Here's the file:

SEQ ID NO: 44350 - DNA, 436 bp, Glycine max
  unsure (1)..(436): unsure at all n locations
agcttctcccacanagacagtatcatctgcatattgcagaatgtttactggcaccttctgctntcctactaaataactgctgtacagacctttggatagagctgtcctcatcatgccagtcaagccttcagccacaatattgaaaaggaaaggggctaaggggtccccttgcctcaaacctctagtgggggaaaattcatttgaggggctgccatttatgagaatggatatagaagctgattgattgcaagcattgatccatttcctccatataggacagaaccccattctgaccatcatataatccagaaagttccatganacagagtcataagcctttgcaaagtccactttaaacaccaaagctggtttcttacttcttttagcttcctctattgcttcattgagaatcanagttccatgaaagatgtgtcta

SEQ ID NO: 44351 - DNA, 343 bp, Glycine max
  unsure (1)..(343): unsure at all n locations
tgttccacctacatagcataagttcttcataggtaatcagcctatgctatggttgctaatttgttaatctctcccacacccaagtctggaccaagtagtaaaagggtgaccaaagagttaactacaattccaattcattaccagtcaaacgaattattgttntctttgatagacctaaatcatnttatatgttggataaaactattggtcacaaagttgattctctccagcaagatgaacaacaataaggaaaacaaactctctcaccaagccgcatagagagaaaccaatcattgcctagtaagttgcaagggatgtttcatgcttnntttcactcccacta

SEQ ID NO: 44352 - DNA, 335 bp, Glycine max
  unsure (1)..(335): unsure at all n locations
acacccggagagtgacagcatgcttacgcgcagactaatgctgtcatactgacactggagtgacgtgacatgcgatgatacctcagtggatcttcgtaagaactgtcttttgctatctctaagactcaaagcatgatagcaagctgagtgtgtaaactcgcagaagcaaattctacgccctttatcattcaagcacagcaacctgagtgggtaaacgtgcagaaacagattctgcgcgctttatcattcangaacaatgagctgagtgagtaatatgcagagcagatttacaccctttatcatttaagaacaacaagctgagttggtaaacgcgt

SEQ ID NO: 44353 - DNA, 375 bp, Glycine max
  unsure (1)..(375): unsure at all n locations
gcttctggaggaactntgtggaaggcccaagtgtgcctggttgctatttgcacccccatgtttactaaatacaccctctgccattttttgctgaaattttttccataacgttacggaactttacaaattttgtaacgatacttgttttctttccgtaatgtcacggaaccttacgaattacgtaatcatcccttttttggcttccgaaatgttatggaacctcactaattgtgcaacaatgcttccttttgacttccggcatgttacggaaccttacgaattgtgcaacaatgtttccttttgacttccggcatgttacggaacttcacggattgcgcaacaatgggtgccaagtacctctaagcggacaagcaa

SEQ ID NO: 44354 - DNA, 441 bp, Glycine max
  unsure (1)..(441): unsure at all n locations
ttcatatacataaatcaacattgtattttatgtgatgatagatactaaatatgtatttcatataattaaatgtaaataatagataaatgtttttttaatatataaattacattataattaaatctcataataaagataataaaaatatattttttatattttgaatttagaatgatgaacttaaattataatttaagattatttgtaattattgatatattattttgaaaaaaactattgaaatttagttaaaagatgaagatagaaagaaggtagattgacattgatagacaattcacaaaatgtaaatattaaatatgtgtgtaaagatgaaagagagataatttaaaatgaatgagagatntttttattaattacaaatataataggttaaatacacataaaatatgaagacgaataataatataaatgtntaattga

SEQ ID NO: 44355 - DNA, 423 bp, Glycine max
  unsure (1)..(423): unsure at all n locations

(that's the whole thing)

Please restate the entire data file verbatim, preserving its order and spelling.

SEQ ID NO: 44350 - DNA, 436 bp, Glycine max
  unsure (1)..(436): unsure at all n locations
agcttctcccacanagacagtatcatctgcatattgcagaatgtttactggcaccttctgctntcctactaaataactgctgtacagacctttggatagagctgtcctcatcatgccagtcaagccttcagccacaatattgaaaaggaaaggggctaaggggtccccttgcctcaaacctctagtgggggaaaattcatttgaggggctgccatttatgagaatggatatagaagctgattgattgcaagcattgatccatttcctccatataggacagaaccccattctgaccatcatataatccagaaagttccatganacagagtcataagcctttgcaaagtccactttaaacaccaaagctggtttcttacttcttttagcttcctctattgcttcattgagaatcanagttccatgaaagatgtgtcta

SEQ ID NO: 44351 - DNA, 343 bp, Glycine max
  unsure (1)..(343): unsure at all n locations
tgttccacctacatagcataagttcttcataggtaatcagcctatgctatggttgctaatttgttaatctctcccacacccaagtctggaccaagtagtaaaagggtgaccaaagagttaactacaattccaattcattaccagtcaaacgaattattgttntctttgatagacctaaatcatnttatatgttggataaaactattggtcacaaagttgattctctccagcaagatgaacaacaataaggaaaacaaactctctcaccaagccgcatagagagaaaccaatcattgcctagtaagttgcaagggatgtttcatgcttnntttcactcccacta

SEQ ID NO: 44352 - DNA, 335 bp, Glycine max
  unsure (1)..(335): unsure at all n locations
acacccggagagtgacagcatgcttacgcgcagactaatgctgtcatactgacactggagtgacgtgacatgcgatgatacctcagtggatcttcgtaagaactgtcttttgctatctctaagactcaaagcatgatagcaagctgagtgtgtaaactcgcagaagcaaattctacgccctttatcattcaagcacagcaacctgagtgggtaaacgtgcagaaacagattctgcgcgctttatcattcangaacaatgagctgagtgagtaatatgcagagcagatttacaccctttatcatttaagaacaacaagctgagttggtaaacgcgt

SEQ ID NO: 44353 - DNA, 375 bp, Glycine max
  unsure (1)..(375): unsure at all n locations
gcttctggaggaactntgtggaaggcccaagtgtgcctggttgctatttgcacccccatgtttactaaatacaccctctgccattttttgctgaaattttttccataacgttacggaactttacaaattttgtaacgatacttgttttctttccgtaatgtcacggaaccttacgaattacgtaatcatcccttttttggcttccgaaatgttatggaacctcactaattgtgcaacaatgcttccttttgacttccggcatgttacggaaccttacgaattgtgcaacaatgtttccttttgacttccggcatgttacggaacttcacggattgcgcaacaatgggtgccaagtacctctaagcggacaagcaa

SEQ ID NO: 44354 - DNA, 441 bp, Glycine max
  unsure (1)..(441): unsure at all n locations
ttcatatacataaatcaacattgtattttatgtgatgatagatactaaatatgtatttcatataattaaatgtaaataatagataaatgtttttttaatatataaattacattataattaaatctcataataaagataataaaaatatattttttatattttgaatttagaatgatgaacttaaattataatttaagattatttgtaattattgatatattattttgaaaaaaactattgaaatttagttaaaagatgaagatagaaagaaggtagattgacattgatagacaattcacaaaatgtaaatattaaatatgtgtgtaaagatgaaagagagataatttaaaatgaatgagagatntttttattaattacaaatataataggttaaatacacataaaatatgaagacgaataataatataaatgtntaattga

SEQ ID NO: 44355 - DNA, 423 bp, Glycine max
  unsure (1)..(423): unsure at all n locations